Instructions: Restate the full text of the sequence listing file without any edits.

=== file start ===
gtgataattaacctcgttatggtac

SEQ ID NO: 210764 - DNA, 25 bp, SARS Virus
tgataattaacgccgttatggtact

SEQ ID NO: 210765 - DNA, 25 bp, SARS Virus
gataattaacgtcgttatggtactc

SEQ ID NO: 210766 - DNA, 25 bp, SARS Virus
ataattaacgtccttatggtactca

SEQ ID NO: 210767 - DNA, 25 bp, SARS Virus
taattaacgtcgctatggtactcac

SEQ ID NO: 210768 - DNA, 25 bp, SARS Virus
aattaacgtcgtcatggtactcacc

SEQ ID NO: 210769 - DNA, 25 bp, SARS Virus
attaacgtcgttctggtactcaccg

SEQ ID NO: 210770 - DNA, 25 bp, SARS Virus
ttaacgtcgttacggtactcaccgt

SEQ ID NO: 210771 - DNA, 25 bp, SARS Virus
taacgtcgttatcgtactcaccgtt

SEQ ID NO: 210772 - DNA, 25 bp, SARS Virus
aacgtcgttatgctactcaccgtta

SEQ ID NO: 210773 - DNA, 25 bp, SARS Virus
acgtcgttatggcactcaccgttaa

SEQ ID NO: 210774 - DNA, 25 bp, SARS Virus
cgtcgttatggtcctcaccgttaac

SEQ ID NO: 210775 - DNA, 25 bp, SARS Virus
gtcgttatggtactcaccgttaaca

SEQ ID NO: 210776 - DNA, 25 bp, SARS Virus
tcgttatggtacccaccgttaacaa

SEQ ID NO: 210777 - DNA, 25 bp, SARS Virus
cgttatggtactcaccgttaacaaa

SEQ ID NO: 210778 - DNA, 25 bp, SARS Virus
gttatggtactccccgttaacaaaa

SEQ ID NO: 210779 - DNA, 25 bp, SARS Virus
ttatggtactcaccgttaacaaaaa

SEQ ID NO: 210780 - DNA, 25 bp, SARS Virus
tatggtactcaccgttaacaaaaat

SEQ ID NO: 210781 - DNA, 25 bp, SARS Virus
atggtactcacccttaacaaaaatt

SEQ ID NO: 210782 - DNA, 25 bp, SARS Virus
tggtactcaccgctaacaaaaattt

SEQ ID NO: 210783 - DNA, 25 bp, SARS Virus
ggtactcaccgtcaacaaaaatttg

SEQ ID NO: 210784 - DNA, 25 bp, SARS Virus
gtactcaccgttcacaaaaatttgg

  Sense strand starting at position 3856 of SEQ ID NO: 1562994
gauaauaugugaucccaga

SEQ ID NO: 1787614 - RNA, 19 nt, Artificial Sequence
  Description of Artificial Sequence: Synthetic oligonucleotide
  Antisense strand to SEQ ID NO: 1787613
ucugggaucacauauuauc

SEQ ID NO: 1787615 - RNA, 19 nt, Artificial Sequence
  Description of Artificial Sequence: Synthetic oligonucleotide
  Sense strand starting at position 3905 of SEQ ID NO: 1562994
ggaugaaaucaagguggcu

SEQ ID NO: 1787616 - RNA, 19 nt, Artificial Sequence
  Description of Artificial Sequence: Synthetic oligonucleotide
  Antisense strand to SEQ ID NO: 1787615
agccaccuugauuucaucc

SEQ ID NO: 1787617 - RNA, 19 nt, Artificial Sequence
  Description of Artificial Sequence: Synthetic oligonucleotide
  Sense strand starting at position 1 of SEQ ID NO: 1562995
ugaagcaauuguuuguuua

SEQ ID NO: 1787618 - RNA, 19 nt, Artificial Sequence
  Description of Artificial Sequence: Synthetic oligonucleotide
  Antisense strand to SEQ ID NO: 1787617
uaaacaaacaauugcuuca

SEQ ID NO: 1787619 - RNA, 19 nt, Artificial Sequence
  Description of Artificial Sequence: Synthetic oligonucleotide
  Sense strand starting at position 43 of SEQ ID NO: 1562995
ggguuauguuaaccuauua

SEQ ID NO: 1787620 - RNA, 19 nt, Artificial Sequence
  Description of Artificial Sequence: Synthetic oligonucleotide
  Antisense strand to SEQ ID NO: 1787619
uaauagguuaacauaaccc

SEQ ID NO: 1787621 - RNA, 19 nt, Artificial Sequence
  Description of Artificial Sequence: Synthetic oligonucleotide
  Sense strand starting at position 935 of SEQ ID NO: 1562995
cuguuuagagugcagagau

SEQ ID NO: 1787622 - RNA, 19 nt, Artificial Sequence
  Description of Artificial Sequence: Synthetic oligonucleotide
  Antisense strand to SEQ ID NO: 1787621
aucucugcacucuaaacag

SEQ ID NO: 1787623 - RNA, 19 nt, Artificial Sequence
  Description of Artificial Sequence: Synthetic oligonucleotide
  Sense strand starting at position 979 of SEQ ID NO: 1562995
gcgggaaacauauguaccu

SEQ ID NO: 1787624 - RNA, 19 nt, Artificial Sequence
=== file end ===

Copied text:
gtgataattaacctcgttatggtac

SEQ ID NO: 210764 - DNA, 25 bp, SARS Virus
tgataattaacgccgttatggtact

SEQ ID NO: 210765 - DNA, 25 bp, SARS Virus
gataattaacgtcgttatggtactc

SEQ ID NO: 210766 - DNA, 25 bp, SARS Virus
ataattaacgtccttatggtactca

SEQ ID NO: 210767 - DNA, 25 bp, SARS Virus
taattaacgtcgctatggtactcac

SEQ ID NO: 210768 - DNA, 25 bp, SARS Virus
aattaacgtcgtcatggtactcacc

SEQ ID NO: 210769 - DNA, 25 bp, SARS Virus
attaacgtcgttctggtactcaccg

SEQ ID NO: 210770 - DNA, 25 bp, SARS Virus
ttaacgtcgttacggtactcaccgt

SEQ ID NO: 210771 - DNA, 25 bp, SARS Virus
taacgtcgttatcgtactcaccgtt

SEQ ID NO: 210772 - DNA, 25 bp, SARS Virus
aacgtcgttatgctactcaccgtta

SEQ ID NO: 210773 - DNA, 25 bp, SARS Virus
acgtcgttatggcactcaccgttaa

SEQ ID NO: 210774 - DNA, 25 bp, SARS Virus
cgtcgttatggtcctcaccgttaac

SEQ ID NO: 210775 - DNA, 25 bp, SARS Virus
gtcgttatggtactcaccgttaaca

SEQ ID NO: 210776 - DNA, 25 bp, SARS Virus
tcgttatggtacccaccgttaacaa

SEQ ID NO: 210777 - DNA, 25 bp, SARS Virus
cgttatggtactcaccgttaacaaa

SEQ ID NO: 210778 - DNA, 25 bp, SARS Virus
gttatggtactccccgttaacaaaa

SEQ ID NO: 210779 - DNA, 25 bp, SARS Virus
ttatggtactcaccgttaacaaaaa

SEQ ID NO: 210780 - DNA, 25 bp, SARS Virus
tatggtactcaccgttaacaaaaat

SEQ ID NO: 210781 - DNA, 25 bp, SARS Virus
atggtactcacccttaacaaaaatt

SEQ ID NO: 210782 - DNA, 25 bp, SARS Virus
tggtactcaccgctaacaaaaattt

SEQ ID NO: 210783 - DNA, 25 bp, SARS Virus
ggtactcaccgtcaacaaaaatttg

SEQ ID NO: 210784 - DNA, 25 bp, SARS Virus
gtactcaccgttcacaaaaatttgg

  Sense strand starting at position 3856 of SEQ ID NO: 1562994
gauaauaugugaucccaga

SEQ ID NO: 1787614 - RNA, 19 nt, Artificial Sequence
  Description of Artificial Sequence: Synthetic oligonucleotide
  Antisense strand to SEQ ID NO: 1787613
ucugggaucacauauuauc

SEQ ID NO: 1787615 - RNA, 19 nt, Artificial Sequence
  Description of Artificial Sequence: Synthetic oligonucleotide
  Sense strand starting at position 3905 of SEQ ID NO: 1562994
ggaugaaaucaagguggcu

SEQ ID NO: 1787616 - RNA, 19 nt, Artificial Sequence
  Description of Artificial Sequence: Synthetic oligonucleotide
  Antisense strand to SEQ ID NO: 1787615
agccaccuugauuucaucc

SEQ ID NO: 1787617 - RNA, 19 nt, Artificial Sequence
  Description of Artificial Sequence: Synthetic oligonucleotide
  Sense strand starting at position 1 of SEQ ID NO: 1562995
ugaagcaauuguuuguuua

SEQ ID NO: 1787618 - RNA, 19 nt, Artificial Sequence
  Description of Artificial Sequence: Synthetic oligonucleotide
  Antisense strand to SEQ ID NO: 1787617
uaaacaaacaauugcuuca

SEQ ID NO: 1787619 - RNA, 19 nt, Artificial Sequence
  Description of Artificial Sequence: Synthetic oligonucleotide
  Sense strand starting at position 43 of SEQ ID NO: 1562995
ggguuauguuaaccuauua

SEQ ID NO: 1787620 - RNA, 19 nt, Artificial Sequence
  Description of Artificial Sequence: Synthetic oligonucleotide
  Antisense strand to SEQ ID NO: 1787619
uaauagguuaacauaaccc

SEQ ID NO: 1787621 - RNA, 19 nt, Artificial Sequence
  Description of Artificial Sequence: Synthetic oligonucleotide
  Sense strand starting at position 935 of SEQ ID NO: 1562995
cuguuuagagugcagagau

SEQ ID NO: 1787622 - RNA, 19 nt, Artificial Sequence
  Description of Artificial Sequence: Synthetic oligonucleotide
  Antisense strand to SEQ ID NO: 1787621
aucucugcacucuaaacag

SEQ ID NO: 1787623 - RNA, 19 nt, Artificial Sequence
  Description of Artificial Sequence: Synthetic oligonucleotide
  Sense strand starting at position 979 of SEQ ID NO: 1562995
gcgggaaacauauguaccu

SEQ ID NO: 1787624 - RNA, 19 nt, Artificial Sequence